1) I have been using the following template for functional requirements for quite a few years now: If trigger(s) while precondition(s), then the system shall perform required responses (behavior) and establish required postconditions. For quality requirements, I have been using a similar template: If trigger(s) while precondition(s), then the system shall ensure quallity criterion(a) with threshold(s). Naturally, neither of these formats works for data and interface requirements as well as architecture, design, implementation, and configuration constraints. From this, it is clear that your GWT template works for requirements as well as test models, is incomplete, and also limited in scope to functional (behavioral) requirements.
    2) I agree that the approach does help with automatable tests, but many tests (e.g., penetration tests, usability tests) are not automatable.
    3) I really like model driven testing (MDT) for the reasons you give, but MDT is actually only a natural part of model driven development which also includes model driven requirements, architecture, design, and implementation.

    P.S Appreciate review of my latest book. It will be in the publisher’s warehouse on the 20th.

    • Hi Don

      Thanks for these observations.

      To be clear, I did not develop the GWT template and I am not advocating for it. It comes out of the Agile community where it has widespread use. It has some resemblance to design-by-contract, but its statements can be any kind of natural language so they are prone to ambiguity, contradiction, fragmentation, partiality, etc. I have yet to see any BDD “specification” that provides a useful representation of the allowable and unallowable ordering of GWT scenarios. Further, GWT scenarios typically define *single* instances of an input and output – in effect *one* test case. Its proponents call this “specification by example.” This perpetuates the fantasy that one can achieve a general specification though a few examples – a naïve notion advocated ad nauseam by the adherents of test driven development (TDD) and adhered to with great relief by lazy programmers everywhere. It seems they’ve learned nothing from the first 50 years of software engineering.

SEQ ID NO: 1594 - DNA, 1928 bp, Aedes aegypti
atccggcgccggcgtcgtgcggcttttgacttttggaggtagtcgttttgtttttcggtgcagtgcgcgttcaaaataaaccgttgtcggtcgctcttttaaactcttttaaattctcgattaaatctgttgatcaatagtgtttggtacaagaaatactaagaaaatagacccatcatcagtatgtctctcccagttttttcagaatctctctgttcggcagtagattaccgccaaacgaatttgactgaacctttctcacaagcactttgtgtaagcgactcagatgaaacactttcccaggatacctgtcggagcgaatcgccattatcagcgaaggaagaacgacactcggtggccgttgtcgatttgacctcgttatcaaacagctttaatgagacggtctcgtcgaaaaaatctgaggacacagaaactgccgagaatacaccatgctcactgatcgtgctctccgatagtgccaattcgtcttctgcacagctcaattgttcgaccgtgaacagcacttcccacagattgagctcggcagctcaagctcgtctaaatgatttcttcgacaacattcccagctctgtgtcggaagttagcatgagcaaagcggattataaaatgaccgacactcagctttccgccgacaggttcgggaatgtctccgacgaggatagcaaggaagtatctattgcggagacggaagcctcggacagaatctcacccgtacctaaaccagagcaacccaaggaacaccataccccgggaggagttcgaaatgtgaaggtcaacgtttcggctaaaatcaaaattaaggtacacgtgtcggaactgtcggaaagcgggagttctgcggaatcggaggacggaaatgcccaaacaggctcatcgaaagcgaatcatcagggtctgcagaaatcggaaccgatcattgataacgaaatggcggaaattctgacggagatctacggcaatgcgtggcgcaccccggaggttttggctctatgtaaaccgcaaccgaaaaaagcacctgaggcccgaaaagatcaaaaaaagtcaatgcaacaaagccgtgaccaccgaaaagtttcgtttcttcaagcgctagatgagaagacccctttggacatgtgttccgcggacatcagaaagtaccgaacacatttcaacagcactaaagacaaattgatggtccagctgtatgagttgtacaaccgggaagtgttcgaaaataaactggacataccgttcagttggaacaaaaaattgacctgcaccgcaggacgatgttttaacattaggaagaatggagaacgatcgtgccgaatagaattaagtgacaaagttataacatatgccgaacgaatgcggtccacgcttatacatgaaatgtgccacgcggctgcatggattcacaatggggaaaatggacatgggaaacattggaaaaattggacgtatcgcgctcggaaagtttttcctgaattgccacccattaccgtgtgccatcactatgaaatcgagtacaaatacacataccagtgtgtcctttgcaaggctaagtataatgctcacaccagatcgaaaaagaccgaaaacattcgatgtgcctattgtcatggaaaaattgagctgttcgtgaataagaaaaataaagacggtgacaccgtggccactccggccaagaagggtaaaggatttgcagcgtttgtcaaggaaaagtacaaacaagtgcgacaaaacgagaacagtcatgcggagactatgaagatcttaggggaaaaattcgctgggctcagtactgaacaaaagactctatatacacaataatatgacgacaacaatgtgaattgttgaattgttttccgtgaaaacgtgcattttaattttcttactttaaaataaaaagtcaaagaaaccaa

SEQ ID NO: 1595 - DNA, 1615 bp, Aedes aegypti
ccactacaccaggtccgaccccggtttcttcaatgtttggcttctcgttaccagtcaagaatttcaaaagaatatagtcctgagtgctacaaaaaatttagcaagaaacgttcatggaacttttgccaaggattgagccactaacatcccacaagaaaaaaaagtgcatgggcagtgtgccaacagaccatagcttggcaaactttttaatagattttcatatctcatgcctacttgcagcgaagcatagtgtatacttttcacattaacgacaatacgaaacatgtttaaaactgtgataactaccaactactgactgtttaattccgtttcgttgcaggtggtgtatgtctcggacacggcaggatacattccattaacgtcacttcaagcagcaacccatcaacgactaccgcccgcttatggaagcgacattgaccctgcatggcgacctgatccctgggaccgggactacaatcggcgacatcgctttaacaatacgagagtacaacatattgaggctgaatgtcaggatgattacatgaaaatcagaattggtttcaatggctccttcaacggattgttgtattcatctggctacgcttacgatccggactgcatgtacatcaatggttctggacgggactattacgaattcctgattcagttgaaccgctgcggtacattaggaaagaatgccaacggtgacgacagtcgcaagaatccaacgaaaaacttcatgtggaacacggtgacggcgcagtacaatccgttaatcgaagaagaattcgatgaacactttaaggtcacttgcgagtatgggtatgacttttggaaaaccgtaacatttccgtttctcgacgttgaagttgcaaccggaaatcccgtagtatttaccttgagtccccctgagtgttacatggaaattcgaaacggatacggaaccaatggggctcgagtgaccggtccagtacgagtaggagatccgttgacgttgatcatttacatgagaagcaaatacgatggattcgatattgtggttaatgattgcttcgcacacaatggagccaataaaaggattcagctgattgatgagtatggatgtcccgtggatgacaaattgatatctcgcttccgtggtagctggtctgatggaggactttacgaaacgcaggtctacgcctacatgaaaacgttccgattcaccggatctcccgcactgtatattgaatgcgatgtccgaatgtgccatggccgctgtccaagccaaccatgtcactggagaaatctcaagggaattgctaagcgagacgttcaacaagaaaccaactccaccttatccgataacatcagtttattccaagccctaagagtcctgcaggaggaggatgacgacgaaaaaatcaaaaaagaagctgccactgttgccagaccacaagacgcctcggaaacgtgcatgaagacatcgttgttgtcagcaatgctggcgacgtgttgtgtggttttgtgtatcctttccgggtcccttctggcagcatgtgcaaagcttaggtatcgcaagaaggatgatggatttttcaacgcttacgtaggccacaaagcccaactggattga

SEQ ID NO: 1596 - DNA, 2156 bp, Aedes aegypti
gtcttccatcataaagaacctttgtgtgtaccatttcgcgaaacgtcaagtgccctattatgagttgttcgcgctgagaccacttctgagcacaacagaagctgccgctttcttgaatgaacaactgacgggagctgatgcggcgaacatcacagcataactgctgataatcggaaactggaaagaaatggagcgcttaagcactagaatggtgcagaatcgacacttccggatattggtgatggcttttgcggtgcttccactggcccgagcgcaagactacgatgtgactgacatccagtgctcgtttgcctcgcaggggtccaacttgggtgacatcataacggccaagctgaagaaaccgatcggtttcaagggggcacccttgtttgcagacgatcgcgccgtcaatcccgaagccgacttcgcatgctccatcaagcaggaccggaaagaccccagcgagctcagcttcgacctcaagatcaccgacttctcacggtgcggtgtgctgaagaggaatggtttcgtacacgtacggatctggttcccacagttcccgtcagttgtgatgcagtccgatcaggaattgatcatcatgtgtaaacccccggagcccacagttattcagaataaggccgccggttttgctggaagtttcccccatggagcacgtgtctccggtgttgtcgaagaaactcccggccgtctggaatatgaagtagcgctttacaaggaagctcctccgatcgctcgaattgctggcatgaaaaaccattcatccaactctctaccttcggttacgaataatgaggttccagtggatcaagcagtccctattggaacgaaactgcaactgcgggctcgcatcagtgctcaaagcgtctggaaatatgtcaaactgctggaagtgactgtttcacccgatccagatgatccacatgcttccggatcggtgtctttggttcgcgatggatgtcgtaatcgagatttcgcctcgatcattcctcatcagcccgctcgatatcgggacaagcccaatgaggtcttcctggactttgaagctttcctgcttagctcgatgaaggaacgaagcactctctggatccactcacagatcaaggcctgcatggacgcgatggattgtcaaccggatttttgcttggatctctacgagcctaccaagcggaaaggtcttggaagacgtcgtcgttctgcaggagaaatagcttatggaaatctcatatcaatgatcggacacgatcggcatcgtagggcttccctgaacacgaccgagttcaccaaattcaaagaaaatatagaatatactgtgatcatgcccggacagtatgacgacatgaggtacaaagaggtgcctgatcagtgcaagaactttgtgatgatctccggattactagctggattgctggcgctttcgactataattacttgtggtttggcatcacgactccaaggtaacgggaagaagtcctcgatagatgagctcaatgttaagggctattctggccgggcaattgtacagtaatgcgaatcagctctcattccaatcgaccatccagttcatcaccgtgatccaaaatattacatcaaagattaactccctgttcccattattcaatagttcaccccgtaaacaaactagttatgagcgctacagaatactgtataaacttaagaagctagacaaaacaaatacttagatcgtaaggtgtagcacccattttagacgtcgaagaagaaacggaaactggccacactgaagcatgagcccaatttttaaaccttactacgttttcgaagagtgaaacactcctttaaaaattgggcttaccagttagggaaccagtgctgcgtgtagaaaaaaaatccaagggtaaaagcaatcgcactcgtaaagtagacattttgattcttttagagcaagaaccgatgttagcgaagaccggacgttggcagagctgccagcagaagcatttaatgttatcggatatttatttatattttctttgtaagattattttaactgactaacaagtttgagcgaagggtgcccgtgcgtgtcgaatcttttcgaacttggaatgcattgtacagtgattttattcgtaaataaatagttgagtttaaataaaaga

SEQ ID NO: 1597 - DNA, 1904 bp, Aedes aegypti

As you note, the GWT template has no vocabulary for “non-functional” aspects, although I suppose one could back into that with some creative phrasing. Of course, many important system characteristics are not amenable to automated verification – all the more reason to automate what you can so that humans can spend their time doing what they’re well-suited to do.

      The useful intersection of model-based testing and model-driven development is quite interesting. I think they are complementary, but MBT can be used to good effect when there are no model-based antecedents.

  2. To the graph you presented in your Cerner video describing Agile backlog(backblob) growth…

    You may face the argument that if the ‘definition of Done’ is managed sprint-to-sprint — such a backlog could be avoided… i.e., using Rally as a test management system…

    What comeback would you have to this argument…?

    • Hi Rick – great question.

      The BackBlob refers to the increasing work needed to maintain and execute regression test suites.

      If this work is not included in the scope of “Done,” that doesn’t change the fact that test suite maintenance and regression testing has been skipped or shorted.

      There is no free lunch. A team has to allocate its resources to new development/testing and to test maintenance and regression testing. Assuming a fixed budget (headcount) for each sprint, the effort needed to do this will consume a larger proportion of that budget with each successive iteration. If test maintenance and regression testing is skipped or shorted, the risk of regression and feature-interaction bugs increases with each subsequent release. Typically, new feature development is preferred over test maintenance, so even if the overall budget is increasing, testing typically receives a lesser share.

      I don’t see how any test management tool can change this basic relationship, other than marginally reducing the cost of maintenance through better artifact management.